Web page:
Study: When News Is Heated on Social Media, Comedy Cools the Mood

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Everyone loves a good joke and ladies especially love a man with a sense of humor. In this Trump era, there isn’t much to laugh about but Pamela B. Rutledge, Ph.D., M.B.A., Director of the Media Psychology Research Center and a professor of media psychology at Fielding Graduate University, believes that humor is the best way to “defuse anxiety and increase our ability to reason,” especially on social media.

People have had their accounts suspended, lost their jobs and gotten arrested for inflaming comments made on Twitter. Those who have taken the darkness and turned it into light through humor have found a way of “distancing and reframing” conversations in order to receive an opposing viewpoint rationally.

“The political jokes, memes, videos and parodies across Twitter are positive because they can make us laugh, take pause, step back and share, increasing our sense of social connection.  These tweets and posts defuse anxiety and can make us more open-minded and more able to hear another side,” wrote Rutledge in Psychology Today. “Generating laughter (or even a smile) changes our body chemicals and improves our optimism and resilience, making us better able to withstand anxiety and fear (Rossouw, 2013).  It also makes us better able to evaluate real danger from “arm-waving.”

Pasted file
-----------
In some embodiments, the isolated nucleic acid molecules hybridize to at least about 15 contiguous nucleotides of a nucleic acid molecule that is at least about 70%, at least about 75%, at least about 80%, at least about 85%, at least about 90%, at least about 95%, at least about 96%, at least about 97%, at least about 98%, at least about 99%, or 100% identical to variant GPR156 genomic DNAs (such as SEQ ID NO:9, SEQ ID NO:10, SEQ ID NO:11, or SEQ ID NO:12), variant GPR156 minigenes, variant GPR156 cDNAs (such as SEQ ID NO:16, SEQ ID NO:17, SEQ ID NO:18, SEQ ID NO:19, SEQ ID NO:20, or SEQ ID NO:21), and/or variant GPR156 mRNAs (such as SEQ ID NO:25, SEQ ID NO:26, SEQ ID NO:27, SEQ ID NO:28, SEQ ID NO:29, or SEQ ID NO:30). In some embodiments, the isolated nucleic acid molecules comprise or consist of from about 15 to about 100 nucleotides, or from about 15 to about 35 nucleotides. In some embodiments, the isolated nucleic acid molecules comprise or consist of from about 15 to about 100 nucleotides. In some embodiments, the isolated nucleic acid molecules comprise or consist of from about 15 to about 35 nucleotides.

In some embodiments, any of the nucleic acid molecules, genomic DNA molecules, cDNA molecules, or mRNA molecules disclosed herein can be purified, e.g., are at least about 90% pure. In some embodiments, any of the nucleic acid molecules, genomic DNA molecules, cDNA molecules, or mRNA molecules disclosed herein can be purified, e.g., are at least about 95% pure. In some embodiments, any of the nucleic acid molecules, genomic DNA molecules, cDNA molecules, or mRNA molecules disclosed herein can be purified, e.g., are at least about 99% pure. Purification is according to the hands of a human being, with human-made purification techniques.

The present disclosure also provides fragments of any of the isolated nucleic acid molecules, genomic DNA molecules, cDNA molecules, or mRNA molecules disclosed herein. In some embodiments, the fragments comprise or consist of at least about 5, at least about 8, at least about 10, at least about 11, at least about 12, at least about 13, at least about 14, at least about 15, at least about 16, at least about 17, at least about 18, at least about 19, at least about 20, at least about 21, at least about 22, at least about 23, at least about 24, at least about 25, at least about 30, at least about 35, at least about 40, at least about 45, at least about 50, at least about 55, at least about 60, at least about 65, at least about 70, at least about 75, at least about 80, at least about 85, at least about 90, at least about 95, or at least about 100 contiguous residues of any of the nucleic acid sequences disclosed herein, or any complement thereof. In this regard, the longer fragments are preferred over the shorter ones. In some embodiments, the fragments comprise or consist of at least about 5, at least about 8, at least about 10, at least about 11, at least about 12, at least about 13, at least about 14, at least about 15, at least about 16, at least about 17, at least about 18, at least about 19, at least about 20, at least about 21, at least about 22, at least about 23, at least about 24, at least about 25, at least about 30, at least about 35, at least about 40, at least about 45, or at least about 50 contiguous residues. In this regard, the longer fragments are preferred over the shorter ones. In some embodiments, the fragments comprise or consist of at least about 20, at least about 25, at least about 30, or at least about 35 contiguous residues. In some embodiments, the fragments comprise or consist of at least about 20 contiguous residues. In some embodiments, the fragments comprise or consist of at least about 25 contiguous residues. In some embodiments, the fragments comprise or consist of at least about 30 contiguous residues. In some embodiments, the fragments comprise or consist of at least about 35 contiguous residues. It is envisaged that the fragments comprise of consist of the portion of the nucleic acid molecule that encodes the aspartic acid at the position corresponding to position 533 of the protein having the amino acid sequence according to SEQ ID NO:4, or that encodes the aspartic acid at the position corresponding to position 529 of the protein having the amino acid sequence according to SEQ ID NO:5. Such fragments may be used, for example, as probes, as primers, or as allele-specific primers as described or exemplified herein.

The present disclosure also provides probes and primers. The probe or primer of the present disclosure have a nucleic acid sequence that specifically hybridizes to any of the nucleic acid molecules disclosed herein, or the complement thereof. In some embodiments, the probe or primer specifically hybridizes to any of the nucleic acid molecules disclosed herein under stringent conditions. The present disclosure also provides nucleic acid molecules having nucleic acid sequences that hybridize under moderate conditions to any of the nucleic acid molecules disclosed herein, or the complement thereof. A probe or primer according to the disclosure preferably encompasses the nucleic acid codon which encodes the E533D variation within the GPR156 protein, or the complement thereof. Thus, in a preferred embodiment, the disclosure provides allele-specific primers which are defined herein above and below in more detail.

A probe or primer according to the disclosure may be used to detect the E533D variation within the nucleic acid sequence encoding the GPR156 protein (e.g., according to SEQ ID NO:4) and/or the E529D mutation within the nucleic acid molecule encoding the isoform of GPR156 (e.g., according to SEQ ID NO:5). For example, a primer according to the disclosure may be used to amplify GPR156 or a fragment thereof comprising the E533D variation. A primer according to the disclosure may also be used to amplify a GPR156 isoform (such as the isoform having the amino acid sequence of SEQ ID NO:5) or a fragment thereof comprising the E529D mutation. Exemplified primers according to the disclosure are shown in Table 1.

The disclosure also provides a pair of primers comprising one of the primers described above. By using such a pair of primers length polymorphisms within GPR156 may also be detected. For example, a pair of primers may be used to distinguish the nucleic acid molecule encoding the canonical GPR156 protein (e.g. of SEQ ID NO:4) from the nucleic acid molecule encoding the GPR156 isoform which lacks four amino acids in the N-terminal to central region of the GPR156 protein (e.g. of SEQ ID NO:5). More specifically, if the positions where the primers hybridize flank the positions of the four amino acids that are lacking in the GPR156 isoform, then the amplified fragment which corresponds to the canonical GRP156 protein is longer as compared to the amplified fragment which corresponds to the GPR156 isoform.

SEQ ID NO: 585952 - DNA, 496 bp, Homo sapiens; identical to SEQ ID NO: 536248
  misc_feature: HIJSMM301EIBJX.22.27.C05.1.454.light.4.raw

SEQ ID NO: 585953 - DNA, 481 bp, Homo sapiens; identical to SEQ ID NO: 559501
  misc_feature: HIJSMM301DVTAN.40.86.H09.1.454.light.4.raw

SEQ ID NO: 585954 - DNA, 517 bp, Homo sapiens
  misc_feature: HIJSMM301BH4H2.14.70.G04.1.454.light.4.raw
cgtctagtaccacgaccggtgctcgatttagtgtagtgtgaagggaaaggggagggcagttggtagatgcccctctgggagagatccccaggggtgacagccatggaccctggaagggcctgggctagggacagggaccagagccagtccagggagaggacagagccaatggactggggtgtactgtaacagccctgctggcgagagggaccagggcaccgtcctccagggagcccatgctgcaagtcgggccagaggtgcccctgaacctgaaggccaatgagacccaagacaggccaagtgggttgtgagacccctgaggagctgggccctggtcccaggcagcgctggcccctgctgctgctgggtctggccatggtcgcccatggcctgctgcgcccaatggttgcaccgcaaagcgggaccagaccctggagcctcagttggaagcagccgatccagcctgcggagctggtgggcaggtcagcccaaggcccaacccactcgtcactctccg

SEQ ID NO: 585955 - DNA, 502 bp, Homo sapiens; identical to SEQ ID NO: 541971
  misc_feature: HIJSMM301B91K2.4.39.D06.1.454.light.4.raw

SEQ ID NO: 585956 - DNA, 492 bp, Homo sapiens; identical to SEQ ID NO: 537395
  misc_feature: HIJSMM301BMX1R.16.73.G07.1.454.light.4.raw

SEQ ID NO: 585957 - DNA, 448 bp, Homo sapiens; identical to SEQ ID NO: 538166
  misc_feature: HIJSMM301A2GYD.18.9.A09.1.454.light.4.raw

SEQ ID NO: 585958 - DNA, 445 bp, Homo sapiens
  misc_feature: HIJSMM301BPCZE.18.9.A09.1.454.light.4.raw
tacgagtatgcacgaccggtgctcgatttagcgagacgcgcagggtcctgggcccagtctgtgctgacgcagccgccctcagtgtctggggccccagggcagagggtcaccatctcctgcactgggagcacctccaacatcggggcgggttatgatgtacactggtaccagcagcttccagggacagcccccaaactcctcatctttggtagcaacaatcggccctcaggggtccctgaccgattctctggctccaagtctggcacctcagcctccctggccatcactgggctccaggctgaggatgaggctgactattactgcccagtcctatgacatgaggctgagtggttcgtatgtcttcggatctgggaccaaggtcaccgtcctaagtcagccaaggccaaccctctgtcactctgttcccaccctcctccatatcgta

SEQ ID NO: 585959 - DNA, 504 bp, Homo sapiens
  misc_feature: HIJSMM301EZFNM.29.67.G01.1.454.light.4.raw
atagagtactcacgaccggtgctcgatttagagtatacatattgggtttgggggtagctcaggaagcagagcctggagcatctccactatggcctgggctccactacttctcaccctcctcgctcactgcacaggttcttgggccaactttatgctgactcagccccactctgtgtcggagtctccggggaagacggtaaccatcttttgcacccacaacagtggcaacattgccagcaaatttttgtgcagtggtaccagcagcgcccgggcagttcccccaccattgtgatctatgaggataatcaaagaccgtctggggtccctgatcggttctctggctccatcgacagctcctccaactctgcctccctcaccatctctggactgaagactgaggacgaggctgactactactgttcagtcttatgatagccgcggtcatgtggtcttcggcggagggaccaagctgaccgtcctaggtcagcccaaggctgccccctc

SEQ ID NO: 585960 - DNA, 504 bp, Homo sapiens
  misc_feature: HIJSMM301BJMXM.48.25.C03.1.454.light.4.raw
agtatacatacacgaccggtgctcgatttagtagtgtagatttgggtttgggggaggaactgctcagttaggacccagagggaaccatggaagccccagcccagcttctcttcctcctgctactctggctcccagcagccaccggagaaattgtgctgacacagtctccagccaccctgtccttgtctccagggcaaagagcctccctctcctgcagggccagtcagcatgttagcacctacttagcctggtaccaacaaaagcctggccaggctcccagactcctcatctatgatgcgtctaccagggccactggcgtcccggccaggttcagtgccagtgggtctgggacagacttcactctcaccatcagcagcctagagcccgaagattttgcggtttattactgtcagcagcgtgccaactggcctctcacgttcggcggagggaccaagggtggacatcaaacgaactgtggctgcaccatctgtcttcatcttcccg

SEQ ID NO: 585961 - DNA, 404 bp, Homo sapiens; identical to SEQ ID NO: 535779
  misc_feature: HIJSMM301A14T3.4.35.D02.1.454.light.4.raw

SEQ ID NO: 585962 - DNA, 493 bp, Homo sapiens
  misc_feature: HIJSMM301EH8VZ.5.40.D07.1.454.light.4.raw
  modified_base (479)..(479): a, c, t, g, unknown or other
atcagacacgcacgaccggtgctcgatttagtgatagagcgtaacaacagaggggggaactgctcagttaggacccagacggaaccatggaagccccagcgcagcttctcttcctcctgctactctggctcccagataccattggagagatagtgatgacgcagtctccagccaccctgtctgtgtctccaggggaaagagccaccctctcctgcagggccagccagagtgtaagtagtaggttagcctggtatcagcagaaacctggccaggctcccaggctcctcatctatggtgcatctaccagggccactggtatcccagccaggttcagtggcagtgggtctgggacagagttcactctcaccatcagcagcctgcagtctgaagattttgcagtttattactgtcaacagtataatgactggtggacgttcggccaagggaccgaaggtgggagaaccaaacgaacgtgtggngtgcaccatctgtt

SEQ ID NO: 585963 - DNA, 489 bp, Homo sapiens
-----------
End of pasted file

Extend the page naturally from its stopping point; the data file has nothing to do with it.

Rutledge also suggests that people step away from social media because too much negativity impacts one on a variety of levels. “You are what you eat.  All that negativity without reason can impact your productivity at work and your social life.  You can watch a few YouTube videos that make you laugh as an antidote to reset your body chemicals and then get back to work.”